A flawed decision to split the final installment of the Harry Potter books into two films results in a formless narrative that overstays its welcome.
Despite the slick visual effects that periodically invigorate Harry Potter and the Deathly Hallows: Part 1, director David Yates’ overemphasized spectacle merely illustrates the film’s lacking storyline. We understand that Harry is in grave danger but don’t get any sense of his ability or inclination to rescue the human and underground magic worlds from sinister forces if he survives to defeat the evil Lord Voldemort. Reigning over the darkest of times, Voldemort (Ralph Fiennes) and his Death Eaters rally forces with Rufus Scrimgeour’s (Bill Nighy) Ministry of Magic to track down and kill Harry Potter.
A Nazi-era social climate of fascistic dictatorship rules with public announcements informing Europe’s citizenry: “You have nothing to fear if you have nothing to hide.” Harry’s latest birthday coincides with his teaming up with old pals Ron (Rupert Grint) and Hermione (Emma Watson) to find and destroy a number of magic talismans called Horcruxes that contain pieces of Voldemort’s soul, thereby killing him once and for all.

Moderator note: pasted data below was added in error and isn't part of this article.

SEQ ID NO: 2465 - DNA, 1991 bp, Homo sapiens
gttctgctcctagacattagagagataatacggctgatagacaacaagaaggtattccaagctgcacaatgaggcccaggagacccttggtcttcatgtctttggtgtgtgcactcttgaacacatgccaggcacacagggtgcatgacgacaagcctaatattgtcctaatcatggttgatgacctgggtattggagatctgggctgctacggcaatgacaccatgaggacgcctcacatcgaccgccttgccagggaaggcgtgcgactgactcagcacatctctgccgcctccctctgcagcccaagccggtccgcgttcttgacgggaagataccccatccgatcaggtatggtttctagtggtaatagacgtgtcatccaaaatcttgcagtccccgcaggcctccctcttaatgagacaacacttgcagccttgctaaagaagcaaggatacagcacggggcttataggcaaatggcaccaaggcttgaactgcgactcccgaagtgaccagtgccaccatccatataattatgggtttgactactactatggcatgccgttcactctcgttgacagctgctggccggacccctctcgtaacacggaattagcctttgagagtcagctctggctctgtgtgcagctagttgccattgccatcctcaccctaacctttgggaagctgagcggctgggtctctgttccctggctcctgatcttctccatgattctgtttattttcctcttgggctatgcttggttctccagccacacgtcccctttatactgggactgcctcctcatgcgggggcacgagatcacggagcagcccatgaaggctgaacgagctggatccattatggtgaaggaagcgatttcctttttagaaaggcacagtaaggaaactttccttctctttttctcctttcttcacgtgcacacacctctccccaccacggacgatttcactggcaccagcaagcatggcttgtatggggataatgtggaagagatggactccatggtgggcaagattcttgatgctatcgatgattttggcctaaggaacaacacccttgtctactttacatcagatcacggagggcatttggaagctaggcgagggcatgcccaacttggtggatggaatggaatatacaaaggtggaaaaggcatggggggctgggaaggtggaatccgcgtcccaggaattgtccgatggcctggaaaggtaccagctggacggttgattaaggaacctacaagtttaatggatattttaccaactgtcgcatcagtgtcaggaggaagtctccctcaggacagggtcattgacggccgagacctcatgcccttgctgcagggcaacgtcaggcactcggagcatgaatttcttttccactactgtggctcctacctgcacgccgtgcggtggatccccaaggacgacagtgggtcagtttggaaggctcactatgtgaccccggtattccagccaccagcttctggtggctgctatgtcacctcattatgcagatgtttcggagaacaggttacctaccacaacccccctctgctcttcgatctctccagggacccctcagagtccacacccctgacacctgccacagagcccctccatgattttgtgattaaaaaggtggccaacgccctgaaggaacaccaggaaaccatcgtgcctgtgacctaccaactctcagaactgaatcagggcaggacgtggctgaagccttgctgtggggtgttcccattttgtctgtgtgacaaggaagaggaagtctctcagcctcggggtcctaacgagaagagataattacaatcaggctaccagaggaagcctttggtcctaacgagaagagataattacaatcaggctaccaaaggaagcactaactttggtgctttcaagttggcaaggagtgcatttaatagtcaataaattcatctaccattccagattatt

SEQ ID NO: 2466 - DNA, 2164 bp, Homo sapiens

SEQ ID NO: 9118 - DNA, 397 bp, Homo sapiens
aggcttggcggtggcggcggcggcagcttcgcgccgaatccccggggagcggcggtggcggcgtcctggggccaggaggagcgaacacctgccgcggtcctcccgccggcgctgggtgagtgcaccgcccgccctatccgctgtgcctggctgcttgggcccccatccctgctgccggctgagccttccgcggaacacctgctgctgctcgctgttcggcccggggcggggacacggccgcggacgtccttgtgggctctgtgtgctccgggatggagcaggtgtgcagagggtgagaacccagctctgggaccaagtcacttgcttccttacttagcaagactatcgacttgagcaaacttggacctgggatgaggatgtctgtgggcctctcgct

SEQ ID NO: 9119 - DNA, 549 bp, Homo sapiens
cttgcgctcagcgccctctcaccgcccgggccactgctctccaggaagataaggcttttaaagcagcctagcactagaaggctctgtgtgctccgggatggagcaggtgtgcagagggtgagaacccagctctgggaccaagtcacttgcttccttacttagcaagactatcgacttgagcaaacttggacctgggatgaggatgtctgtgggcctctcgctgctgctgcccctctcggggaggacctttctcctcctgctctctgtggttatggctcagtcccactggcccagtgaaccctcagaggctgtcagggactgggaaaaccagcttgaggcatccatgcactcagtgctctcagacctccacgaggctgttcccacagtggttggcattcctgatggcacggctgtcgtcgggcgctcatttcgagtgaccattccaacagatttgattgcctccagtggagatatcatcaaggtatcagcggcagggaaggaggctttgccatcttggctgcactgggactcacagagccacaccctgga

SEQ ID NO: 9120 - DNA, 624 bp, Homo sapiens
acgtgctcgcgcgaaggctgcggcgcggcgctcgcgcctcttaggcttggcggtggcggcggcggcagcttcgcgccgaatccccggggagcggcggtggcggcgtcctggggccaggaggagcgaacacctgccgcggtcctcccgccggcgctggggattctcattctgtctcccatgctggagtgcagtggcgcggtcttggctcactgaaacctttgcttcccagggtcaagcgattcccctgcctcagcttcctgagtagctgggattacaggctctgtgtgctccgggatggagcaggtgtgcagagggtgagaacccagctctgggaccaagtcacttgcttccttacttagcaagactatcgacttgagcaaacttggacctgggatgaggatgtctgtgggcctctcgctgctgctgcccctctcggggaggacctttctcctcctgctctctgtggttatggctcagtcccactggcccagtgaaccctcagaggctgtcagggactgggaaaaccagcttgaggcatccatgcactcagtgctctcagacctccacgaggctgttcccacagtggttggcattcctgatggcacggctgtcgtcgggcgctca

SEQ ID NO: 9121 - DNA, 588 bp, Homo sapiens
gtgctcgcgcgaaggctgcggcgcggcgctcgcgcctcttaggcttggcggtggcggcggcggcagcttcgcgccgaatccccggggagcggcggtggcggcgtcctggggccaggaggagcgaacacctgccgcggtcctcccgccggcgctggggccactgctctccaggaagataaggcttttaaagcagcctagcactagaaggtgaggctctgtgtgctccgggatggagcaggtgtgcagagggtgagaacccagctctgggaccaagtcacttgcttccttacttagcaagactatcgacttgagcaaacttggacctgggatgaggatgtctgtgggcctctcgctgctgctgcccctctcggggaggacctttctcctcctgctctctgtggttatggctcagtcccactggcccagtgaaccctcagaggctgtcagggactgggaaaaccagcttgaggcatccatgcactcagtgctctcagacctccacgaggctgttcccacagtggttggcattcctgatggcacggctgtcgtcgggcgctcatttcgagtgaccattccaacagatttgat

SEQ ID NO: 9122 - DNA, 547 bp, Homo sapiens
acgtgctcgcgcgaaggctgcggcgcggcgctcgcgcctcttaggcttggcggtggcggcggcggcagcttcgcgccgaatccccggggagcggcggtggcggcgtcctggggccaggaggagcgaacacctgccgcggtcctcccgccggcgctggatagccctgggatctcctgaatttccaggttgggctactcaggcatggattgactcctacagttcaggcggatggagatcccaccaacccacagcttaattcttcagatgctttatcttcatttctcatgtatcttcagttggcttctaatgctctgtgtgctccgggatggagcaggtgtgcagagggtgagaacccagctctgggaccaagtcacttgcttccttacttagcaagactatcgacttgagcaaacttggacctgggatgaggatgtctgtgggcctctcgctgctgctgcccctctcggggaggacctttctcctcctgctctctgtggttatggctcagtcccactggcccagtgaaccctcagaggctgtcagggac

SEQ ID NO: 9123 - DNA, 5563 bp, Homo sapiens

Without its familiar setting of Hogwarts to anchor its physical parameters, the movie meanders in and out of disconnected but visually impressive set pieces—as when Harry extracts the sword of Gryffindor from its icy grave.
For much of the time Harry, Ron and Hermione camp out in a patch of rural woods waiting for something to happen. The trio of are too passive to earn any respect beyond what they’ve accrued over the previous six films. They’re like unsupervised kids in desperate need of a chaperone.
The idle sleepover subplot is not without its charms. Harry and Hermione share the film’s most charming scene when they do an impromptu dance together to Nick Cave’s “O Children.” It’s a lighthearted moment that allows the characters to share a momentary dream of romance that is far more tangible than the vague plot.
Prominently missing are the fruits of the previous films’ coming-of-age struggles that marked Harry, Ron and Hermione as creatures of amorous desire. Any flashes of fireworks between Hermione and Ron are muted behind their grumpy exchanges. Instead we get stylistic overtures to horror—a former Hogwarts’ teacher becomes a meal for an especially large snake. Later, Ron incurs a grotesque injury that might challenge young viewers. The film inhabits a moody atmosphere of uncompromising death and decay.
If the filmmakers’ intention was to stay true to J.K. Rowling’s novel by including a wealth of narrative details and visual filigree then they have at least scratched the surface. However, even in a 2 1/2-hours, they haven’t presented a cohesive story.
A stream of cameo appearances from the series’ cannon of familiar faces—such as Brendan Gleeson’s Mad-Eye Moody, Bonnie Wright’s Ginny Weasley, and even a poignant appearance from the miniature elf Dobby—fail to bridge a cold impasse created by a script that repeatedly stalls out.
In such a climatic franchise movie,.there isn’t much room for character development because Yates’ Harry Potter machine tries too hard to be all things to all people.